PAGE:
Face-to-face follow-up in a specialized diabetes-related foot program

Healing time in days, percentage of ulcer healed after 12 weeks and healing time ratio adjusted for age, ulcer duration (days), location, size, crossover and severity grade

Average healing time in days: Intervention group = 43.2 ± 29.3

(USA)

  

Intervention group: 20 patients (55% women, average age 55.1 years)

   

Control group = 45.5 ± 43.4

P = 0.83

Control group: 120 patients (45% women, average age 56.5 years)

   

Adjusted ratio for healing time: Intervention group = 1.00

Control group = 1.40

P = 0.10

Percentage of ulcers healed at 12 weeks: Intervention group = 75%

Control group = 81%

P = 0.55

Not healed or lost to follow-up: Intervention group: 3/20

Control group: 7/120

No patient adverse effects were reported.

Participants

The study included 140 consecutive patients treated for neuropathic forefoot ulcerations from two medical centers. The patients from one center, the intervention group, comprised 20 patients treated via telemedicine consultation (55% women, average age 55.1 years). The other center, the control group, comprised 120 patients receiving traditional follow-up (45% women, average age 56.5 years).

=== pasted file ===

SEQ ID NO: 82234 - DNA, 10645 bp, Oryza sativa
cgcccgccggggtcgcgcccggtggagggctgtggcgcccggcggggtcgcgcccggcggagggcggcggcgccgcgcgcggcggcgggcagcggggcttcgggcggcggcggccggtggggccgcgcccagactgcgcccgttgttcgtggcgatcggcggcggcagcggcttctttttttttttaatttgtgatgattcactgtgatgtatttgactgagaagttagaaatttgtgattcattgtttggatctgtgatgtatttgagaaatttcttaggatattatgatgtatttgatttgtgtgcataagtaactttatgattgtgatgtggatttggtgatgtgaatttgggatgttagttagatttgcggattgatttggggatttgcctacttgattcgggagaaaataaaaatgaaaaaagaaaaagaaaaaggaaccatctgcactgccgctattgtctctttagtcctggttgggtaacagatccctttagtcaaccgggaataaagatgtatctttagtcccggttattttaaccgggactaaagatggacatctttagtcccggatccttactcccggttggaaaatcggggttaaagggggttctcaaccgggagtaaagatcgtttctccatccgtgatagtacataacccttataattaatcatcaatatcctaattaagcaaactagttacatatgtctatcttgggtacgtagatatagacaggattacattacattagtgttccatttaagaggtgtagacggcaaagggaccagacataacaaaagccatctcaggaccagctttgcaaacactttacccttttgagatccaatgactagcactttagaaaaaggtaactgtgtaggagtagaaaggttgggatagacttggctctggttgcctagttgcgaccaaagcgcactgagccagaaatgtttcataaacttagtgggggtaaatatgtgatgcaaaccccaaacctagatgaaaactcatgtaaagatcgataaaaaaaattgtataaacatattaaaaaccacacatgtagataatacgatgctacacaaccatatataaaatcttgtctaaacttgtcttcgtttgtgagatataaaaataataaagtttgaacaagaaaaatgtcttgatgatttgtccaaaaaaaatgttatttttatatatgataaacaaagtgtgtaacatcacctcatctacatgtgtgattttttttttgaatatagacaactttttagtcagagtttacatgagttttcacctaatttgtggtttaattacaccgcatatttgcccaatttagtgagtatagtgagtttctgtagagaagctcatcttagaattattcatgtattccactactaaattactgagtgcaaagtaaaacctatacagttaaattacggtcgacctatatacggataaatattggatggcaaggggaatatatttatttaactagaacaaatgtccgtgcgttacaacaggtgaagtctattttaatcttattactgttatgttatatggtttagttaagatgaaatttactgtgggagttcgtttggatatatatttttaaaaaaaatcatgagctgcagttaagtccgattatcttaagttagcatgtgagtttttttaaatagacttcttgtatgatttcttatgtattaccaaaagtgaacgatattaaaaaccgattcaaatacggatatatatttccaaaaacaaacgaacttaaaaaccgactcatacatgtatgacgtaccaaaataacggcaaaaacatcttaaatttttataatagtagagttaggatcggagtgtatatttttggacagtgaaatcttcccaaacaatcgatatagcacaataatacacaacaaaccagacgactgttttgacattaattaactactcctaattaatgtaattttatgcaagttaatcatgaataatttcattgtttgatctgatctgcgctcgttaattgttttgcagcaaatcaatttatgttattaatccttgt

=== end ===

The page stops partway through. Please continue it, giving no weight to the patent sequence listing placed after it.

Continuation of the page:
Intervention

The intervention group received real-time interactive video consultation, with or without transfer of digital images of forefoot ulcerations, with a specialist nurse, physician and physiotherapist based at a remote medical center. The patients in the control group were treated face-to-face according to a specialized diabetes-related foot program at a local medical center. Both groups were given a standard follow-up program including routine follow-up, screening of the feet, lectures, guidance and adaptation of footwear [47]. The number of consultations per person for the intervention group or the control group was not stated. The patients were followed up for 12 weeks.

Outcome